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Structural and functional diversity of asparaginases: Overview and recommendations for a revised nomenclature

Research output: Contribution to journalArticlepeer-review

Leonardo Schultz da Silva, Liam B. Doonan, Adalberto Pessoa, Marcos Antonio de Oliveira, Paul F. Long

Original languageEnglish
JournalBiotechnology and Applied Biochemistry
Early online date19 Mar 2021
Accepted/In press2021
E-pub ahead of print19 Mar 2021

Bibliographical note

Publisher Copyright: © 2021 International Union of Biochemistry and Molecular Biology, Inc. Copyright: Copyright 2021 Elsevier B.V., All rights reserved.

King's Authors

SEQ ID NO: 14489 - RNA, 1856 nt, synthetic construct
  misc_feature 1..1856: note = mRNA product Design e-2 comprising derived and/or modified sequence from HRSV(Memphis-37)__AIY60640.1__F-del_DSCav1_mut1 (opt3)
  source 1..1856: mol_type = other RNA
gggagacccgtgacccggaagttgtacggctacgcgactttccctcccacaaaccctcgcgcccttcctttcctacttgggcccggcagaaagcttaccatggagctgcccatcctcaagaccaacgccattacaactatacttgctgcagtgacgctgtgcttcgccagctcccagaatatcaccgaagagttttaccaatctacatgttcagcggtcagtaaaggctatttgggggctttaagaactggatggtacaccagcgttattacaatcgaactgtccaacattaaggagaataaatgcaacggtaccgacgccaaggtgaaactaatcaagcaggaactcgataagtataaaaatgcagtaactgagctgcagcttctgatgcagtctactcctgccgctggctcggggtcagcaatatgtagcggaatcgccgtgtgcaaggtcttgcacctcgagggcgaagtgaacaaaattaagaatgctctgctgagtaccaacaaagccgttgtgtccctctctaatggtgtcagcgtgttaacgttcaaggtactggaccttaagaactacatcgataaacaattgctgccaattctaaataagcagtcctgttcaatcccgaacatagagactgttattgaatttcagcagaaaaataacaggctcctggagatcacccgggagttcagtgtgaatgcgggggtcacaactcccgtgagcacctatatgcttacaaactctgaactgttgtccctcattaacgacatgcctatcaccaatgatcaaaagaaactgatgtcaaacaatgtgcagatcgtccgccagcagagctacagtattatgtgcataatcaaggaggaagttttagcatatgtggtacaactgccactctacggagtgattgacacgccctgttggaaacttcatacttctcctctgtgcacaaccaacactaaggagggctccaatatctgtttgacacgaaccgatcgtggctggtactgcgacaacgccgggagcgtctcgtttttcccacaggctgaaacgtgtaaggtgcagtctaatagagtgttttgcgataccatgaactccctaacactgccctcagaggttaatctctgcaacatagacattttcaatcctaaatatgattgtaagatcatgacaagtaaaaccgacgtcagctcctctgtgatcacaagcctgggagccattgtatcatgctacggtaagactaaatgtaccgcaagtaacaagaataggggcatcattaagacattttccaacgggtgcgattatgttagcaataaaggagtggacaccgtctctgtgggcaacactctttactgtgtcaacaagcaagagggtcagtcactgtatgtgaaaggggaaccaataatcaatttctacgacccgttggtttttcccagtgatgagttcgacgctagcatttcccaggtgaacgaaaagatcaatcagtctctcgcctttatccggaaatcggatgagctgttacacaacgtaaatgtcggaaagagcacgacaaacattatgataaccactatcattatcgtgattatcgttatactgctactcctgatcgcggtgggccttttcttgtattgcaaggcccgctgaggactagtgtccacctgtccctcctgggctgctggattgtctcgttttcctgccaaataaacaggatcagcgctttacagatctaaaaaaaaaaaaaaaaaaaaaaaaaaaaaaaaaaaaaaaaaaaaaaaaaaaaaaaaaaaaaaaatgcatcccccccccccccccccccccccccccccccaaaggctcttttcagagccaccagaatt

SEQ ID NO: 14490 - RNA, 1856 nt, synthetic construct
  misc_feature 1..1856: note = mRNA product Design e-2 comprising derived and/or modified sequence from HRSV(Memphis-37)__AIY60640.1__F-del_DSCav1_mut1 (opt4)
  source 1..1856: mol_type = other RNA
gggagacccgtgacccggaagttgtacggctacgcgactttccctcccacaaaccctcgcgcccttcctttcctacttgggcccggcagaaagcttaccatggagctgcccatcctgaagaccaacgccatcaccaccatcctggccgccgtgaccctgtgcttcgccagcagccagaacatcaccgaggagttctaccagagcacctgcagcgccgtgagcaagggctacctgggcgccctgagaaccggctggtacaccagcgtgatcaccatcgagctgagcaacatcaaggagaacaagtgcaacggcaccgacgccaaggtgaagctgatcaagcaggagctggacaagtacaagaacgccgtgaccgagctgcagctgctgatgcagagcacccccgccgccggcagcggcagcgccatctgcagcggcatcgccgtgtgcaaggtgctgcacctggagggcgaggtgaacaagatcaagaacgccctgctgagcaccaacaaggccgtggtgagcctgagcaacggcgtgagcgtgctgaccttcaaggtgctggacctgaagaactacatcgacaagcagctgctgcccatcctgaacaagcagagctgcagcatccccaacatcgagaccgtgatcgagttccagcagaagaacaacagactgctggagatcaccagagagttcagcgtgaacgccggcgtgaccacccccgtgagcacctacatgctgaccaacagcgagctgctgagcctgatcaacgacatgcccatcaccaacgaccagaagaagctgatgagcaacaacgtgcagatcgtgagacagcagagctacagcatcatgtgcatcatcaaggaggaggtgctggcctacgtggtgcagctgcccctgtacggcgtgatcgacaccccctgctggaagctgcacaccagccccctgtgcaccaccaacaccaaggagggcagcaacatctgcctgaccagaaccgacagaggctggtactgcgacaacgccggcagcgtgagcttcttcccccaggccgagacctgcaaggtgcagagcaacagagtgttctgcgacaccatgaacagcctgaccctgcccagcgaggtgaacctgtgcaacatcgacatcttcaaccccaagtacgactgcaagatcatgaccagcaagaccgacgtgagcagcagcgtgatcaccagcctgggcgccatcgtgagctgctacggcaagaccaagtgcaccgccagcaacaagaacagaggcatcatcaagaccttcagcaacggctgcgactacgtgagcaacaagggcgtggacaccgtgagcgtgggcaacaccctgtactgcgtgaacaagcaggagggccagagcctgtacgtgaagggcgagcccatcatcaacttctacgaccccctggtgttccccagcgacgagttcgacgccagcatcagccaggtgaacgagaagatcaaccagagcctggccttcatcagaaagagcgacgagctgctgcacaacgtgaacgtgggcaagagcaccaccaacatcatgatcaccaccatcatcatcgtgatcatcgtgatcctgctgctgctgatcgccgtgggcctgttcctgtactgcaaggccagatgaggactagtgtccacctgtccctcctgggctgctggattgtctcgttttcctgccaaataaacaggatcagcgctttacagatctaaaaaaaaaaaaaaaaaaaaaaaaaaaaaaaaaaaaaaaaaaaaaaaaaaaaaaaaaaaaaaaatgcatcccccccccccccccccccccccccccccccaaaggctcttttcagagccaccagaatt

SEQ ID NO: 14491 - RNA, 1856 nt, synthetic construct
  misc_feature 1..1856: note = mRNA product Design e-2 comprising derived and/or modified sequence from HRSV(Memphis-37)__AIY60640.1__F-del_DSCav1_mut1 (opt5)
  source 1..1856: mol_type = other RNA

Asparaginases (ASNases) are a large and structurally diverse group of enzymes ubiquitous amongst archaea, bacteria and eukaryotes, that catalyze hydrolysis of asparagine to aspartate and ammonia. Bacterial ASNases are important biopharmaceuticals for the treatment of acute lymphoblastic leukemia, although some patients experience adverse allergic side effects during treatment with these protein therapeutics. ASNases are currently divided into three families: plant-type ASNases, Rhizobium etli-type ASNases and bacterial-type ASNases. This system is outdated as both bacterial-type and plant-type families also include archaeal, bacterial and eukaryotic enzymes, each with their own distinct characteristics. Herein, phylogenetic studies allied to tertiary structural analyses are described with the aim of proposing a revised and more robust classification system that considers the biochemical diversity of ASNases. Accordingly, based on distinct peptide domains, phylogenetic data, structural analysis and functional characteristics, we recommend that ASNases now be divided into three new distinct classes containing subgroups according to structural and functional aspects. Using this new classification scheme, 25 ASNases were identified as candidates for future new lead discovery.

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